Arınç has also implicitly stated that Turkey should not be at odds with an important regional player, Egypt, while the international community considers Sisi’s leadership to be “normal.” “Turkey still says it doesn’t accept an elected person’s ouster from the government through a coup as a principle. However, there is also an actual state and the whole world deems this actual state normal,” said Arınç. For his part, Erdogan, on several occasions, slammed the international community over its silence towards the army overthrow of Mursi.
Qatari Emir Sheikh Tamim bin Hamad bin Khalifa al-Thani, who paid a visit to Turkey recently, called on Turkish officials to take steps to normalize relations between Ankara and Cairo, saying that it was inevitable that relations with Sisi’s leadership would improve.
It would not be wrong to say that the pressure from the Gulf countries, particularly Saudi Arabia, played a crucial role in Qatar’s announcement of its intention to normalize ties with Egypt. This pressure was also behind Qatar’s decision to expel the exiled leaders of the movement last September – a move which also seemed to annoy Erdogan and his leadership.
It seems like the real politics, or in other words, the risk of further isolation in the region, particularly after the shift in Doha’s position, has forced the Turkish leadership to restore relations with the Egyptian government.
There is nothing wrong in Turkey’s principled position towards the military coup against an elected leader. Also there is nothing wrong if a leader (Erdogan) has sympathy towards a movement (Muslim Brotherhood). However, pursuing an ideologically oriented foreign policy in relations with other countries is something that does not serve the national interests of a country. Unfortunately, this was what happened in as the Turkish government took the crises in Egypt personally and reacted as if it was Turkey’s internal issue.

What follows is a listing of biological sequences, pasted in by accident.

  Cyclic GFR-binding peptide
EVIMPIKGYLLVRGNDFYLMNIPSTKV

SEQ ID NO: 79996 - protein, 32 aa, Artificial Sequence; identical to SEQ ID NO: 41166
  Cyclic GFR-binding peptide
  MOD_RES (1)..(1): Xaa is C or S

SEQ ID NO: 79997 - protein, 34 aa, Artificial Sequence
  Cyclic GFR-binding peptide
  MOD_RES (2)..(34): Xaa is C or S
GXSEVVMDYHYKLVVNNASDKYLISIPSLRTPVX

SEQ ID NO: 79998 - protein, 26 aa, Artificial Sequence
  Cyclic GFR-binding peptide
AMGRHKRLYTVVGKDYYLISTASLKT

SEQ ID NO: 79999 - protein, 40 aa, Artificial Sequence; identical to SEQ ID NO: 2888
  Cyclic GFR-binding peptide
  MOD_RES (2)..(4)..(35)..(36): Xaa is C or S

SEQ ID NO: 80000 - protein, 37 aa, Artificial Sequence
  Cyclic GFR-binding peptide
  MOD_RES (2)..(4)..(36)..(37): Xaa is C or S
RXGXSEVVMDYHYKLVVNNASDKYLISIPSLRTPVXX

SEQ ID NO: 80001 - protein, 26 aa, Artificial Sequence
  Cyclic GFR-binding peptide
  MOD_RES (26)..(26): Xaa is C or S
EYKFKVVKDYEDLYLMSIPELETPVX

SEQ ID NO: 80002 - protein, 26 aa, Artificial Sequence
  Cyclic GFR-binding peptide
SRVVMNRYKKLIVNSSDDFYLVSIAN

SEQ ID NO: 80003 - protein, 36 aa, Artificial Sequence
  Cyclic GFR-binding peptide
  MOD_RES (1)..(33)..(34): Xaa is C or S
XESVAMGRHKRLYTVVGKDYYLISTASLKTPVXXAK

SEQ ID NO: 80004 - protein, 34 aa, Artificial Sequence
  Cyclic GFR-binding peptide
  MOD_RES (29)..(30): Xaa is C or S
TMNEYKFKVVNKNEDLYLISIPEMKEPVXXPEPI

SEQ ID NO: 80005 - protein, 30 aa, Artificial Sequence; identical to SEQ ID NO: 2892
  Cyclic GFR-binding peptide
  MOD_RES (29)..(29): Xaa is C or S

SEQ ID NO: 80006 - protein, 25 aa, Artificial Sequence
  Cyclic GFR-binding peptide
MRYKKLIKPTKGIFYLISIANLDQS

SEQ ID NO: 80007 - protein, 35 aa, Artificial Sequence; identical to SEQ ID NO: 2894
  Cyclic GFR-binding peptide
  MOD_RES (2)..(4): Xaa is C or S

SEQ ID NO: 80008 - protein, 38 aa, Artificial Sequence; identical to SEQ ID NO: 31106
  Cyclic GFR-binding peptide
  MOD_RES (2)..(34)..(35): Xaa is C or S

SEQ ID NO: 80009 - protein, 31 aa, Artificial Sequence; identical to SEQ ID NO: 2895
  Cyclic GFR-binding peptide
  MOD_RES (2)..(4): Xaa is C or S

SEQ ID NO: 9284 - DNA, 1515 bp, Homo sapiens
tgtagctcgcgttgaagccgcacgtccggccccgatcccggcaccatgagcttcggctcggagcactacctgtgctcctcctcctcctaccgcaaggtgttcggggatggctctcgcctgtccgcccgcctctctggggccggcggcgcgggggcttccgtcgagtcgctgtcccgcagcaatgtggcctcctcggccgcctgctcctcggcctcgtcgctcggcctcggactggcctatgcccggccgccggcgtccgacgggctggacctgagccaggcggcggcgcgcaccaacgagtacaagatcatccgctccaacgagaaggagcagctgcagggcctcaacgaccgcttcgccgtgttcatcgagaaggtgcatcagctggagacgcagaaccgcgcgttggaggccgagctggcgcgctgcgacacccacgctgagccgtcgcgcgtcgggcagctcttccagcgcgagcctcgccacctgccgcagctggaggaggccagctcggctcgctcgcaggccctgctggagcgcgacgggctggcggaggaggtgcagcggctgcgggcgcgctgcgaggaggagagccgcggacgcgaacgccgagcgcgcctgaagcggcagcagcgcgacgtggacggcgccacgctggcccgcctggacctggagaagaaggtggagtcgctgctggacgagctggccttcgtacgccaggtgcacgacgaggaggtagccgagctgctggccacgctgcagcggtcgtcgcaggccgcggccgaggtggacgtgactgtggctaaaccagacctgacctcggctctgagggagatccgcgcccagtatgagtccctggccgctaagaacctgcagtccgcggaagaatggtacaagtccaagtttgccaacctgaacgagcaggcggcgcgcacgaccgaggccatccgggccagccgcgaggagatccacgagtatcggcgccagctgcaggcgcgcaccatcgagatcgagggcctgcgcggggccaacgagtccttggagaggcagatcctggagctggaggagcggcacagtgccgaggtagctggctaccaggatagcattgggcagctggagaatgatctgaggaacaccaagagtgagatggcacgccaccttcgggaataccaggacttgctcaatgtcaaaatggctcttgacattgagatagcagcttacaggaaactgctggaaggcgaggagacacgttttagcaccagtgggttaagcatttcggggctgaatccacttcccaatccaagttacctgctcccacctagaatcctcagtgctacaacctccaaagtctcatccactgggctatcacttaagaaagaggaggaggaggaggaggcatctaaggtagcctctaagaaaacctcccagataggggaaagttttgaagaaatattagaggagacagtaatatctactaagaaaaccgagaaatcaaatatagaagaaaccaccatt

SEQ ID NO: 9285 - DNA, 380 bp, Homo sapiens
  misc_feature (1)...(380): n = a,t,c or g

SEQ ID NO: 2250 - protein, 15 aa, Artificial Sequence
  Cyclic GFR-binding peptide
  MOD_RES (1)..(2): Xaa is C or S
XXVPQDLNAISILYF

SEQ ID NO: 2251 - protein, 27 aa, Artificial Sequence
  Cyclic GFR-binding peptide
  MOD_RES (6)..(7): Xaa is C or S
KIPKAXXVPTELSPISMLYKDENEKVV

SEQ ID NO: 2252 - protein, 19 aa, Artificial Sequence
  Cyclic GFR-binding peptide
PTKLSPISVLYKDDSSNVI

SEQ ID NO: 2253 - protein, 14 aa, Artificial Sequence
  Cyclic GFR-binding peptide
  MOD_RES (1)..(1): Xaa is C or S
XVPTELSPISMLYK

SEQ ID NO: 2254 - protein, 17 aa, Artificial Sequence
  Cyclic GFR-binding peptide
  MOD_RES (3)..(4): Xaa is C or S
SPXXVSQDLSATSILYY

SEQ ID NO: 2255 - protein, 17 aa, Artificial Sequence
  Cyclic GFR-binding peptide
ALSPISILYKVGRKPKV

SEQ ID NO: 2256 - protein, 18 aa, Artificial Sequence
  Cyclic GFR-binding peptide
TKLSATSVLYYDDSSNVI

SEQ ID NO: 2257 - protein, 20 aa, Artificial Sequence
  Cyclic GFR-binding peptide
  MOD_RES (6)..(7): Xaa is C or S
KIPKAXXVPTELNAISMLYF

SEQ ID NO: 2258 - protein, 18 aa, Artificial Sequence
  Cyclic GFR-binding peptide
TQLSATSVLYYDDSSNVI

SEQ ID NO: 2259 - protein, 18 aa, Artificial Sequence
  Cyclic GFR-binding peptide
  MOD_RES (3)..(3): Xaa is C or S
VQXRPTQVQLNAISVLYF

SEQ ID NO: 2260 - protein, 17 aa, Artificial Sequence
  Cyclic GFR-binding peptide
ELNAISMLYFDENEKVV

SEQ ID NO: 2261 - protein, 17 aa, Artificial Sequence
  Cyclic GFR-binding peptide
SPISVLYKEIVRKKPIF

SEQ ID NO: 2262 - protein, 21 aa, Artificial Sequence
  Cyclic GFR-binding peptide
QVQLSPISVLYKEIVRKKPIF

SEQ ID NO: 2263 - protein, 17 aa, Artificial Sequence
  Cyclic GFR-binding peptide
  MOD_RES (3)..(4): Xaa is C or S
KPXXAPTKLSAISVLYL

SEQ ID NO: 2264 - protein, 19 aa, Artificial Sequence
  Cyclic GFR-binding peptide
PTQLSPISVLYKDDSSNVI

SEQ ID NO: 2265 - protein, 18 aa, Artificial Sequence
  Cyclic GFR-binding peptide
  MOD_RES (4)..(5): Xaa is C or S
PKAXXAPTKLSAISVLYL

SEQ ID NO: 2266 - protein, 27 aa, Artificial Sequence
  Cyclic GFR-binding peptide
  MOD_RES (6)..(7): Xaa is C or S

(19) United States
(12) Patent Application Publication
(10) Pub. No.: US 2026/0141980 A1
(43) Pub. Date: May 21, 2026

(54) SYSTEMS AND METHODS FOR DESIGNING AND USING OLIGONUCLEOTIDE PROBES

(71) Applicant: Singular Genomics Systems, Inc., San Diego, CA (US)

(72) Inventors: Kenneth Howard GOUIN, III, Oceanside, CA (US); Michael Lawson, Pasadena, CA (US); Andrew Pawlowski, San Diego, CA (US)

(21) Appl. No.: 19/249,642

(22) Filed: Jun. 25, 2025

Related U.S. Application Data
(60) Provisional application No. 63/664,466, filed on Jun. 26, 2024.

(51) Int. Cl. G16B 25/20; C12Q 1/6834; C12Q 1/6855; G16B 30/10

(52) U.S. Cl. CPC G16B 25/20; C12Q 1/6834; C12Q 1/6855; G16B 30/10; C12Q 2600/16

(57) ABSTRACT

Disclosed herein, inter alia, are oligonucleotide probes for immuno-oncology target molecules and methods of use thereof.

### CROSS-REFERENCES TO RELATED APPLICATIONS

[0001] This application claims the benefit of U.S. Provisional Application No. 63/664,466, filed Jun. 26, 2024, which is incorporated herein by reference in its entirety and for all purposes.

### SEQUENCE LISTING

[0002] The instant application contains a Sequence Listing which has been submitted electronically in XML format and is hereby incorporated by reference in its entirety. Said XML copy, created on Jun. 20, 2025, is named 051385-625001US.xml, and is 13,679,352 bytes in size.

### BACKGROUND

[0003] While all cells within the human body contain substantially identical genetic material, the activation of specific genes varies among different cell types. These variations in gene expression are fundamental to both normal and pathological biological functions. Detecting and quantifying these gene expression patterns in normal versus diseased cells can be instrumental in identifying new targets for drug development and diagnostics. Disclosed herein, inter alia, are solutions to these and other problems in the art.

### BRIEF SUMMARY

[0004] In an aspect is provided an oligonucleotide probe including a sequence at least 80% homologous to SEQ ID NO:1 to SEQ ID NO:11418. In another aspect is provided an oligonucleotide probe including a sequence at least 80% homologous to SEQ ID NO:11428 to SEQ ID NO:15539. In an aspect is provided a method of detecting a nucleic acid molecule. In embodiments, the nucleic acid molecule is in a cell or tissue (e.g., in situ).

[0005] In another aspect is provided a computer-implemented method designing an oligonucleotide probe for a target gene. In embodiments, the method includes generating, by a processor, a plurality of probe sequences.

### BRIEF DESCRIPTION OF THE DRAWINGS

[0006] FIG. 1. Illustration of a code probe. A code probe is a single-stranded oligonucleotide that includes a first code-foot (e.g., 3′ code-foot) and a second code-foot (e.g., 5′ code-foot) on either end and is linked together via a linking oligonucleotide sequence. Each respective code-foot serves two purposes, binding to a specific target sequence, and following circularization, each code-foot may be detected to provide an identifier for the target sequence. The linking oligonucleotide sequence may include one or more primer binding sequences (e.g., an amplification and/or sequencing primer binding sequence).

Needless to say, Ankara cannot play a crucial role in the region without Cairo’s support and cannot contribute to stability and peace in the Middle East without having friendly relations with Egypt, a most influential country in the Arab world. When Middle East politics is discussed, two major powers - Turkey and Egypt - come to mind. The balance of power in this volatile region depends on the relations between these two countries. Throughout history, the Turkey-Egypt alliance acted as a significant determinant in the balance of power in the region and it has become an accepted fact in international relations that the relations between these two regional players have a significant impact on the dynamics in the region.
Therefore, given Egypt’s crucial role and central position in the Middle East, it would be in Turkey’s best interests to acknowledge the reality on the ground and revisit its positions towards regional countries in order to avoid alienation in the region. It seems like in the long term, there will not be any change in Egyptian leadership, therefore, if Turkey wants to strengthen its position in the region, it will need to restore relations with Cairo. Turkey and Egypt should acknowledge the fact that the relations between two countries should be established on the basis of state to state relations rather than government to government relations.
Sinem Cengiz is a Turkish political analyst based in Athens. Born and lived in Kuwait, Cengiz focuses mainly on issues regarding Middle East and Turkey’s relations with the region. She was also the former diplomatic correspondent for Today’s Zaman newspaper, English daily in Turkey. She is currently researching on Turkish-Saudi relations to complete her MA in International Relations. She can be found on Twitter: @SinemCngz"